What to Know
More than 5,000 migrants have been camped in and around a sports complex in Tijuana.
Roughly 5,800 troops were deployed to the area as part of "border hardening" efforts by the U.S.
The San Ysidro Port of Entry is the border's busiest crossing, with about 110,000 people entering the U.S. every day.
U.S. border agents fired tear gas on hundreds of migrants protesting near the border with Mexico on Sunday after some of them attempted to get through the fencing and wire separating the two countries, and American authorities shut down border crossings from the city where thousands are waiting to apply for asylum.
The situation devolved after the group began a peaceful march to appeal for the U.S. to speed processing of asylum claims for Central American migrants marooned in Tijuana.
They carried hand-painted American and Honduran flags while chanting: "We are not criminals! We are international workers!"
Mexican police had kept them from walking over a bridge leading to the Mexican port of entry, but the migrants pushed past officers to walk across the Tijuana River below the bridge. More police carrying plastic riot shields were on the other side, but migrants walked along the river to an area where only an earthen levee and concertina wire separated them from U.S. Border Patrol agents.
Some saw an opportunity to breach the crossing.
An Associated Press reporter saw U.S. agents shoot several rounds of tear gas after some migrants attempted to penetrate several points along the border. Mexico's Milenio TV showed images of migrants climbing over fences and peeling back metal sheeting to enter.
Honduran Ana Zuniga, 23, also said she saw migrants opening a small hole in concertina wire at a gap on the Mexican side of a levee, at which point U.S. agents fired tear gas at them.
Children screamed and coughed. Fumes were carried by the wind toward people who were hundreds of feet away.
"We ran, but when you run the gas asphyxiates you more," Zuniga told the AP while cradling her 3-year-old daughter Valery in her arms.
Mexico's Interior Ministry said around 500 migrants tried to "violently" enter the U.S.
The ministry said in a statement it would immediately deport those people and would reinforce security.
Tijuana Police arrested 39 people and turned them over to Mexico's National Institute of Migration, according to the agency's Facebook page. Migrants will be deported to their countries of origin for inciting violence and disorderly conduct, the post said.
As the chaos unfolded, shoppers just yards away on the U.S. side streamed in and out of an outlet mall.
Throughout the day, U.S. Customs and Border Protection helicopters flew overhead, while U.S. agents held vigil on foot beyond the wire fence in California.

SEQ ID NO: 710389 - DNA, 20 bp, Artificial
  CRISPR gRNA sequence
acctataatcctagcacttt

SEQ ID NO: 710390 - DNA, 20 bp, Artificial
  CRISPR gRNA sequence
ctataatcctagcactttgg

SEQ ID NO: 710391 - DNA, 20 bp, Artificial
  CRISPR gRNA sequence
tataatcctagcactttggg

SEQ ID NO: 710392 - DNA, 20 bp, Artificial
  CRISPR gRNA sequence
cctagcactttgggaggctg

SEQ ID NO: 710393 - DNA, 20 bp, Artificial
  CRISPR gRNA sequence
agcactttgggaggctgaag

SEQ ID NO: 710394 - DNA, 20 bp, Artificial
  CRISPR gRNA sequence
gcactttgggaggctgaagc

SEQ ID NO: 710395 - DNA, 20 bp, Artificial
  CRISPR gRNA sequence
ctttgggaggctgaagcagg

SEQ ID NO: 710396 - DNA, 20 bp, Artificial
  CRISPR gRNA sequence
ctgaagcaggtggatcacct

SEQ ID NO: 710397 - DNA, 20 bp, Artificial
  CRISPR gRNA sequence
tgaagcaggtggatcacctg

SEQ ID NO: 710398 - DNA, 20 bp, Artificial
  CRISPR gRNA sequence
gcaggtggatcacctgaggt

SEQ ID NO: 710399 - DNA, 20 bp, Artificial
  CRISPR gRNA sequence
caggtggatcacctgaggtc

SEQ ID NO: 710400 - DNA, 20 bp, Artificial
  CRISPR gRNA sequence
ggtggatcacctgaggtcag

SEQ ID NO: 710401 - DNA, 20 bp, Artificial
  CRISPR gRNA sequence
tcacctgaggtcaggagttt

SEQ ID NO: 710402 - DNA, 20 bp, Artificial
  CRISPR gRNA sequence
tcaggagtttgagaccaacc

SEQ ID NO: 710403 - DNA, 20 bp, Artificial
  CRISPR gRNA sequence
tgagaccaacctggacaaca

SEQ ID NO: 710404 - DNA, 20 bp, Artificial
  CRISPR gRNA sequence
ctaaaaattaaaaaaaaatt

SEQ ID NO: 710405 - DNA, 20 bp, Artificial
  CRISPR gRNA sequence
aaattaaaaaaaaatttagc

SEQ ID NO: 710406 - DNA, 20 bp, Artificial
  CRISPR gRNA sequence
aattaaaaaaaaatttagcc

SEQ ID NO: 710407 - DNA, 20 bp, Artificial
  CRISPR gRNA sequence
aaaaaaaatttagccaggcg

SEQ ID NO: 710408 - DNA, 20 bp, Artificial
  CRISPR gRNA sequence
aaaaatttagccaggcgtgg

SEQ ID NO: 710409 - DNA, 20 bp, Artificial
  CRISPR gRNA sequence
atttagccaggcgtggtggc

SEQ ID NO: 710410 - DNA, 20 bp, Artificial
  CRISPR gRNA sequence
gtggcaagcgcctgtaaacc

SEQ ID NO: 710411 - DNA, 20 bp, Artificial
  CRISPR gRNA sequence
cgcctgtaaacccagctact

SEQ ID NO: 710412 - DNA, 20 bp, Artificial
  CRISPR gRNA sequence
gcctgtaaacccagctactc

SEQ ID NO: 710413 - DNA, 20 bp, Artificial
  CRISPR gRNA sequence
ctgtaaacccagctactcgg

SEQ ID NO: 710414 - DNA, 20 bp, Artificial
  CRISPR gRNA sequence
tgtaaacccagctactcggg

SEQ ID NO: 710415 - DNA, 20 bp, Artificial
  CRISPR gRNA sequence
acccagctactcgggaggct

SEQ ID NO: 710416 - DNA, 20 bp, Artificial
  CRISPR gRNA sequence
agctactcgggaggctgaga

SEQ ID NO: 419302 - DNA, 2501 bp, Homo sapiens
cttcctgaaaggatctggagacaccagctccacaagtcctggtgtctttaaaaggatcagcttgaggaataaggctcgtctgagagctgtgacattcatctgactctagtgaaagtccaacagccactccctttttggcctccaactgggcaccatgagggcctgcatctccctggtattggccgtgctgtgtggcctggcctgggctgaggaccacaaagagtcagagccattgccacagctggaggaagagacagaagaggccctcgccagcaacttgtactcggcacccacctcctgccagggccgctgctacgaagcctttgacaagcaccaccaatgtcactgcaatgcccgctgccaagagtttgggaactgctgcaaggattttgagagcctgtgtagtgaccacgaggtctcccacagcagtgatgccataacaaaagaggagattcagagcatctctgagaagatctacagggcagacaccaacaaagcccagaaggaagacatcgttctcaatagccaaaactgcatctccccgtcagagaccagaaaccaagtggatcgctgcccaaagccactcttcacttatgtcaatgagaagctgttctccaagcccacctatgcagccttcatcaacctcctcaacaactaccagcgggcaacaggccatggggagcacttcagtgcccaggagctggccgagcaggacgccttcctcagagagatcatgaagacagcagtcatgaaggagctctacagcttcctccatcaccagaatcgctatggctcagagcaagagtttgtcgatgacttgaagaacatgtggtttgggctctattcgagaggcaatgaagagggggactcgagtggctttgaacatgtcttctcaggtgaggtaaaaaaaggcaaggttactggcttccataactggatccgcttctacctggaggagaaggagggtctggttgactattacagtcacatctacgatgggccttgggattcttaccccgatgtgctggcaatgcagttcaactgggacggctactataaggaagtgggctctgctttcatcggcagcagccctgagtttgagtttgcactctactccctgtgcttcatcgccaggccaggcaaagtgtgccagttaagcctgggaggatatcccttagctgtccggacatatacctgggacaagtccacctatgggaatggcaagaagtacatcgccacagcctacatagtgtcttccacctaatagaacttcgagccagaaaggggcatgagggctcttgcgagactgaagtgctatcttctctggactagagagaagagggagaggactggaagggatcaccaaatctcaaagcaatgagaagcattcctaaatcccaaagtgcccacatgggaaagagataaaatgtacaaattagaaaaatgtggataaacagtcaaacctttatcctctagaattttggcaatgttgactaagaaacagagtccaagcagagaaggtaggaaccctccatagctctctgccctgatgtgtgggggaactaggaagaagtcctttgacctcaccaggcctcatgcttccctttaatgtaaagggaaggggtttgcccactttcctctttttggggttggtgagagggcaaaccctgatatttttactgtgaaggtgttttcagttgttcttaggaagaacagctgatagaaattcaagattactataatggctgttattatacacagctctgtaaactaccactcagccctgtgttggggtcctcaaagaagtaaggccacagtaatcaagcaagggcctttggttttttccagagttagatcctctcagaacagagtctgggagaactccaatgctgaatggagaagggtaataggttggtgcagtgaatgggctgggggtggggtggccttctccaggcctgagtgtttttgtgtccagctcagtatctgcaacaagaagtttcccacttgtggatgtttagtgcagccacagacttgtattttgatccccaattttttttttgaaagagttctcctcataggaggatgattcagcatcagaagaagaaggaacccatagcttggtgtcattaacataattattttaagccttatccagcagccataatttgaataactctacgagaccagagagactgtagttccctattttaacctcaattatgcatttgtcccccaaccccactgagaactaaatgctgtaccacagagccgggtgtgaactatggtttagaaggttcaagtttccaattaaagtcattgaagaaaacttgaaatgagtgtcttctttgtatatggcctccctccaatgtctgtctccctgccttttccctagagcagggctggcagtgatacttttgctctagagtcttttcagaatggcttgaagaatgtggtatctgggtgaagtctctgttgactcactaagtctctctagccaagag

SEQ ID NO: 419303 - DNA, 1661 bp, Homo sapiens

On Sunday afternoon, the Border Patrol office in San Diego said via Twitter that pedestrian crossings were reopened at the San Ysidro port of entry at both the East and West facilities for all northbound and southbound traffic.
The pedestrian crossings had been suspended earlier in the day. Interstates 805 and 5 and state Route 905, which were partially shut down, reopened shortly after 5 p.m.
The San Ysidro Port of Entry is the busiest land border crossing in the world, with about 110,000 people entering the U.S. every day. That traffic includes some 40,000 vehicles, 34,000 pedestrians and 150 to 200 buses.
Homeland Security Secretary Kirstjen Nielsen said in a statement that U.S. authorities will continue to have a "robust" presence along the Southwest border and that they will prosecute anyone who damages federal property or violates U.S. sovereignty.
"DHS will not tolerate this type of lawlessness and will not hesitate to shut down ports of entry for security and public safety reasons," she said.
More than 5,000 migrants have been camped in and around a sports complex in Tijuana after making their way through Mexico in recent weeks via caravan. Many hope to apply for asylum in the U.S., but agents at the San Ysidro entry point are processing fewer than 100 asylum petitions a day.
Irineo Mujica, who has accompanied the migrants for weeks as part of the aid group Pueblo Sin Fronteras, said the aim of Sunday's march toward the U.S. border was to make the migrants' plight more visible to the governments of Mexico and the U.S.
"We can't have all these people here," Mujica told The Associated Press.
Nearly 20 migrant rights and social justice groups make up the San Diego Migrant and Refugee Solidarity Coalition, which hosted a march on the U.S. side. The coalition and others started at Larsen Field on Camino de la Plaza. The group said President Trump created a “war-like situation at the border.”
Other marches were planned across the nation, including in L.A., Sacramento, and San Francisco.
Tijuana Mayor Juan Manuel Gastelum on Friday declared a humanitarian crisis in his border city of 1.6 million, which he says is struggling to accommodate the crush of migrants.
U.S. President Donald Trump took to Twitter Sunday to express his displeasure with the caravans in Mexico.
"Would be very SMART if Mexico would stop the Caravans long before they get to our Southern Border, or if originating countries would not let them form (it is a way they get certain people out of their country and dump in U.S. No longer)," he wrote.
Mexico's Interior Ministry said Sunday the country has sent 11,000 Central Americans back to their countries of origin since Oct. 19, when the first caravan entered the country. It said that 1,906 of those who have returned were members of the recent caravans.
Mexico is on track to send a total of around 100,000 Central Americans back home by the end of this year.